Yuvraj Chowdhury, MD

As his training comes to a close, this IC fellow is excited to put down roots and forge long-term relationships with patients.

ChowdhuryYuvraj Chowdhury is currently an interventional cardiology fellow at the University of Massachusetts. Chowdhury attended medical school in Pune, India, after being awarded the Maulana Azad Scholarship for Academic Excellence in Biomedical Sciences by the president of India. He completed his internal medicine residency at Saint Peter’s University Hospital/Rutgers Robert Wood Johnson Medical School in New Brunswick, NJ, where he served as chief resident. He went on to pursue his cardiology training at the State University of New York – Downstate and was chief fellow in the 2nd and 3rd years of his training. Chowdhury, who has authored over 60 scientific publications, will be joining the University of Louisville in Kentucky as an assistant professor of medicine and interventional cardiology faculty member in the summer of 2023.

What initially interested you in a career in cardiology?

I believe the seed of becoming a physician was implanted by my mother’s strong desire to become a doctor. India is very competitive: the spots are few and the applicants so many. Not having secured admission to medical school, she diverted her interest to study biological sciences and became a botanist. Growing up, she used to passionately engage in teaching me biology and physiology. Her enthusiasm for the subject percolated through to me and that set me on my journey to becoming a physician.

Also, it has to do with the prevalence of coronary disease in India, I think—far too many people back home suffer from cardiac disease and my dad was no exception to that. In the early years of my med school, my dad had a positive stress test and multiple vessels that required intervention. We spoke to a surgeon, who said, “You know, you're going to need bypass surgery.” My dad didn’t want to get open-heart surgery, so there was a lot of anxiety at home. Then we started getting in touch with some interventional cardiologists in our capital city of New Delhi, and they gave us this percutaneous option. Just having that hope that this might get done without having his chest cracked open and that we could bring him back home in a couple of days, it lightened the spirits. He went through with it and now 15 years later he has not required a repeat intervention or CABG. That story made me feel like cardiologists are people who can make a positive impact on somebody's life.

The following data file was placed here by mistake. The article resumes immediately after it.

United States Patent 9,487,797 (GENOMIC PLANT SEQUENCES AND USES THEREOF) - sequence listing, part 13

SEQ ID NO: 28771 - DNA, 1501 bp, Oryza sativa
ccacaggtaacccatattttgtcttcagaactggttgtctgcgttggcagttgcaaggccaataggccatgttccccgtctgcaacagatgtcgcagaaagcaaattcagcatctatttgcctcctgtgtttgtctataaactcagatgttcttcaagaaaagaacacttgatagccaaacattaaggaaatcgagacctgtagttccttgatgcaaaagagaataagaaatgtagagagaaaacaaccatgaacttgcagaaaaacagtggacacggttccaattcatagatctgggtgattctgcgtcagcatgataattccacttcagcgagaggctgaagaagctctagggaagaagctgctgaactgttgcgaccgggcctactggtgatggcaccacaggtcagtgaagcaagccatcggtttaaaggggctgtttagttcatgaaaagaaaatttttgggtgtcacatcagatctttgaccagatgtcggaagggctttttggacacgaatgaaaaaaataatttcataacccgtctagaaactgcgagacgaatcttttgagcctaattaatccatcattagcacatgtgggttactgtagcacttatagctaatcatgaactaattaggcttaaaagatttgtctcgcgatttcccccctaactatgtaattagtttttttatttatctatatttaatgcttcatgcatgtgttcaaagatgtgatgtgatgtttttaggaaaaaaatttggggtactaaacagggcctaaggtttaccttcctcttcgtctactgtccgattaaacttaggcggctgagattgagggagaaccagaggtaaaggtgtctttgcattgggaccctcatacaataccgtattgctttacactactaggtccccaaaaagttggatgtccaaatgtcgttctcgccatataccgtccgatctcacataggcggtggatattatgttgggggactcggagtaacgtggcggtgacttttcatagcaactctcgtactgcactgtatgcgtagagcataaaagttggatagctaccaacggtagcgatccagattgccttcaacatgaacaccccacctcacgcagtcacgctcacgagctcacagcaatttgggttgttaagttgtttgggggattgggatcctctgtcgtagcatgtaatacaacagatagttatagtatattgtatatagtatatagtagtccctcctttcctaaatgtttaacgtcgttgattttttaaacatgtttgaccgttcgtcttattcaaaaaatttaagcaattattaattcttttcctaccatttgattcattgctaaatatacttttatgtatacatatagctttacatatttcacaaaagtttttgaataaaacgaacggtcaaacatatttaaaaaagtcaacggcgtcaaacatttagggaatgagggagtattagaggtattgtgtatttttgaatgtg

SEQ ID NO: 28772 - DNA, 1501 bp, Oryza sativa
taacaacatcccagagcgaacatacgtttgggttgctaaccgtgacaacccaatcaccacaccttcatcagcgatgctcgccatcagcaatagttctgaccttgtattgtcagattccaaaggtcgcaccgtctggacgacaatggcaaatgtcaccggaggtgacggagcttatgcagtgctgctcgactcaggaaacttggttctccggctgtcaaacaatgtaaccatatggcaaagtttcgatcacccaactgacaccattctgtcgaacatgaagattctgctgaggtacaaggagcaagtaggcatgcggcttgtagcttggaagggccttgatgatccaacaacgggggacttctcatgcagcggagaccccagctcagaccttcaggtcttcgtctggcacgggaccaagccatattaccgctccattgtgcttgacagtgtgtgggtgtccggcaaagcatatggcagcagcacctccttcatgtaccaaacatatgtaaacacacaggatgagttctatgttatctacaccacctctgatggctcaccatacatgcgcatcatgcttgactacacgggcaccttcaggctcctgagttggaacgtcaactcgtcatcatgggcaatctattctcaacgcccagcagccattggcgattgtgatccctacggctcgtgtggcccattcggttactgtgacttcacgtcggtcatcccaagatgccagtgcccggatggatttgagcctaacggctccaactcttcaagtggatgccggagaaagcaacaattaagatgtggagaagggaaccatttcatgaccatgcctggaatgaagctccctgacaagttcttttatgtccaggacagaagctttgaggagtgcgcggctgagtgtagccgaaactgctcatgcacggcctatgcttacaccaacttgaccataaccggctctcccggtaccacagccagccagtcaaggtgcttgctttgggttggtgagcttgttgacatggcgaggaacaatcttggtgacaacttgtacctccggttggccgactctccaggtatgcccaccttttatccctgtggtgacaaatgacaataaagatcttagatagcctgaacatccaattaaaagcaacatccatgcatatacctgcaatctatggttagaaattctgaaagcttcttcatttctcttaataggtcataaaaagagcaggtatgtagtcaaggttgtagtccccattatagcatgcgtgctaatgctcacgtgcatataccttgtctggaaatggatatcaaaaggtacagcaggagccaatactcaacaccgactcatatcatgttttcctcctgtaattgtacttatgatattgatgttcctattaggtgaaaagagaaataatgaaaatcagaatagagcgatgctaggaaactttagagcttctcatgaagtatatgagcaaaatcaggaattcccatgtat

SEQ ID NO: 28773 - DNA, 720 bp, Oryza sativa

What obstacles did you face as you started out?

When I decided to pursue this path, I lived in a small town in Bengal where there were just a couple of doctors who made it through the medical profession. So there was a lot of misinformation. From that perspective, you tend to hear more about the people who didn't make it: the people who did not match, the people who did not get into residency, the people who went for electives, spent a lot of time, did a lot of research, and it never happened for them. You don't really come across the people who actually are glad that they made the right decision to enter medicine. There’s a sense that it’s not possible and you’re wasting your time.

So the obstacles I faced were back home. But it’s important to believe in yourself. If you are really passionate and honest about pursuing your dreams, it does come through and it is beautiful and amazing and more than you ever dreamed of.

You’ve come a long way, geographically speaking. How did you end up in the United States?

My brother, who’s 5 years older than me, got a job in the United States as a consultant at Deloitte. Having somebody from your family who's already here and settled provided that foundation, and I decided to explore training options in the United States.

Then my elective at Mass General probably played a very strong role in cementing my decision. It was beautiful just to be able to walk through those doors and see the incredible work they did, steeped in the history of the institution. It was like being in an episode of House MD.

Looking back on your training journey so far, what has surprised you the most?